Q:I AM reaching retirement age and see my coworkers being put out to pasture. I think it's a shame for businesses to force older Americans into retirement and waste all that experience.

A: Agreed. In 2006, the oldest of the baby boomers — just a few years younger than the already-65 contingent — turned 60. And guess who's turning 65 in 2007? Barbra Streisand, Paul McCartney, Harrison Ford, Annette Funicello, Martin Scorsese, Aretha Franklin and Calvin Klein, to name a few. So what's next for these 60-somethings?

You might think the answer is "retirement." But it ain't necessarily so. There's a wave coming — and while it's not a tsunami, it's a major event in its own right.

The wave is the huge number of Americans who are expected to begin retiring from the workforce this year and continue for the next 20 years. The ramifications of this demographic sea change are huge. Since boomers represent more than a quarter of the U.S. population, who will fill these retirement vacancies?

And lots of folks these days can't afford to retire; they are still putting kids through college and perhaps helping to care for elderly parents, as our NextSteps letters and e-mails tell us.

So, why should we let all the experience and expertise of the boomer generation go to waste on the golf course?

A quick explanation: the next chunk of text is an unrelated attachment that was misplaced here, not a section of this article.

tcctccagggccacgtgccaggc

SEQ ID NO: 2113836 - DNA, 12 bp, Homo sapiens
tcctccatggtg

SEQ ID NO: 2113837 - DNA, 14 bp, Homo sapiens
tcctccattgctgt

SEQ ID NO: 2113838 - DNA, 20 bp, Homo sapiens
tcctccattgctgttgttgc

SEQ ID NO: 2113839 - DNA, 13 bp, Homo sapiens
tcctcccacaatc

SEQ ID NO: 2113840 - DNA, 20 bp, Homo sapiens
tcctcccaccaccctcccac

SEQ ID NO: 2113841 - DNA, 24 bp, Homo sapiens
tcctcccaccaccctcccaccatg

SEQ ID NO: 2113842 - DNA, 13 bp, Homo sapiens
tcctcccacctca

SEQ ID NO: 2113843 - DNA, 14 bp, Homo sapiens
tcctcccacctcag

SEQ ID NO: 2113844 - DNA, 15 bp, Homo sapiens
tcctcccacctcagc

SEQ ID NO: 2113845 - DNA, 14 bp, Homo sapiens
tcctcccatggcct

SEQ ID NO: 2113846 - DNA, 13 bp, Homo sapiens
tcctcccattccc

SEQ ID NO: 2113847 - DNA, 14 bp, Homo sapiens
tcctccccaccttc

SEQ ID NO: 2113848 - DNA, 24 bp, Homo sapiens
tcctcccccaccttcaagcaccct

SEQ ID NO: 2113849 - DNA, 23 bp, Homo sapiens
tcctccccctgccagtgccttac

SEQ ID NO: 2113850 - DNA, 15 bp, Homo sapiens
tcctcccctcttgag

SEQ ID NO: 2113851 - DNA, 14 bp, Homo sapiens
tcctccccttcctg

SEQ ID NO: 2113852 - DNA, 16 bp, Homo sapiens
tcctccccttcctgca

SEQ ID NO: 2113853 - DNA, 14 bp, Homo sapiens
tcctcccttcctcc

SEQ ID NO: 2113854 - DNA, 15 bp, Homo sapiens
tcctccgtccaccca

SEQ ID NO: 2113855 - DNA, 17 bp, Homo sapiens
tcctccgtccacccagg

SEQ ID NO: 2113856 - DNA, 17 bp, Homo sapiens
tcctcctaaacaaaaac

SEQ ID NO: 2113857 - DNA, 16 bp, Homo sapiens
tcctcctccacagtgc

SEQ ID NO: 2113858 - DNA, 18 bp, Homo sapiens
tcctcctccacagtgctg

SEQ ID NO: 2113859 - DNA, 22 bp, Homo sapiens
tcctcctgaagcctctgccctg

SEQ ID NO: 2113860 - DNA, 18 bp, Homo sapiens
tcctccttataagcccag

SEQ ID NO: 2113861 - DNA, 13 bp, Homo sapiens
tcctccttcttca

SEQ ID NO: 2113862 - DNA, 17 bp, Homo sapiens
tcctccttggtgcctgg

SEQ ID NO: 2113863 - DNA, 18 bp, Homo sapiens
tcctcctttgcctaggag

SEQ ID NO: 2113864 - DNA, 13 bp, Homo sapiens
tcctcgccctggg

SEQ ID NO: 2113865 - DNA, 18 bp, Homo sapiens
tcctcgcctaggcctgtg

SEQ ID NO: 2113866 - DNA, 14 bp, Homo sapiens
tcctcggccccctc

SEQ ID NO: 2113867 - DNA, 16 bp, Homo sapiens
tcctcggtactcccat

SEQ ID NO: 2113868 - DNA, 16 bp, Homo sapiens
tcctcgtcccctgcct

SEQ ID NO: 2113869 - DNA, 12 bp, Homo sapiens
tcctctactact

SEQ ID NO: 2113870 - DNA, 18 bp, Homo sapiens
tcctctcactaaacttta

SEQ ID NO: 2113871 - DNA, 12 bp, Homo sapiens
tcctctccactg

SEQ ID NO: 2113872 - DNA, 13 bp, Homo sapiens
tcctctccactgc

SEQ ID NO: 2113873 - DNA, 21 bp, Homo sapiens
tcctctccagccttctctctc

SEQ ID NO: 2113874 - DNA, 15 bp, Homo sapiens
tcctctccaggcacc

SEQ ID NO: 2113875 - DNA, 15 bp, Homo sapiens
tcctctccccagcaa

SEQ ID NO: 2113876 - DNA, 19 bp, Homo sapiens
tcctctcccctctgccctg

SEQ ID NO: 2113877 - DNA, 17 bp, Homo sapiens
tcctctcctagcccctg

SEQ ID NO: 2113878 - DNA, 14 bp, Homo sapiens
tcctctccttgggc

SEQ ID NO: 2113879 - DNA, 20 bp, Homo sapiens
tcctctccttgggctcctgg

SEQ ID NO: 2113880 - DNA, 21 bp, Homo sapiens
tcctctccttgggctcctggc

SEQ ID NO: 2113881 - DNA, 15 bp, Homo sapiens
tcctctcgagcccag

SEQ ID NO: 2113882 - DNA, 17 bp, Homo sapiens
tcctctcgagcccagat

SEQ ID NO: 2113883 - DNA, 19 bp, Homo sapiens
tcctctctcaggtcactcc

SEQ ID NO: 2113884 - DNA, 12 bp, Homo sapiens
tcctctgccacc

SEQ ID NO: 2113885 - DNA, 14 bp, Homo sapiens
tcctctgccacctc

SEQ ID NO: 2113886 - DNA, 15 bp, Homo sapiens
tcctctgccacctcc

Why not instead harness this "senior power," says former Democratic Sen. Harris Wofford of Pennsylvania, who helped launch the Peace Corps 46 years ago.

Wofford, 80, is the national spokesman for the new "Experience Wave" campaign that would establish the infrastructure needed to keep older Americans in the work force, plan for an older work force, connect and work cooperatively with businesses, and set up an infrastructure to promote volunteerism and mentoring. A package of proposals to make all of this a reality was introduced in the New York legislature Feb. 27.

"Baby boomers have been a defining generation in America," says Wofford. "As they age,

they are redefining the idea of retirement."

Jan Warner is a member of the National Academy of Elder Law Attorneys and has been practicing law for more than 30 years. Jan Collins is editor of the Business and Economic Review published by the University of South Carolina and a special correspondent for The Economist. You can learn more information about elder care law and write to the authors on http://www.nextsteps.net.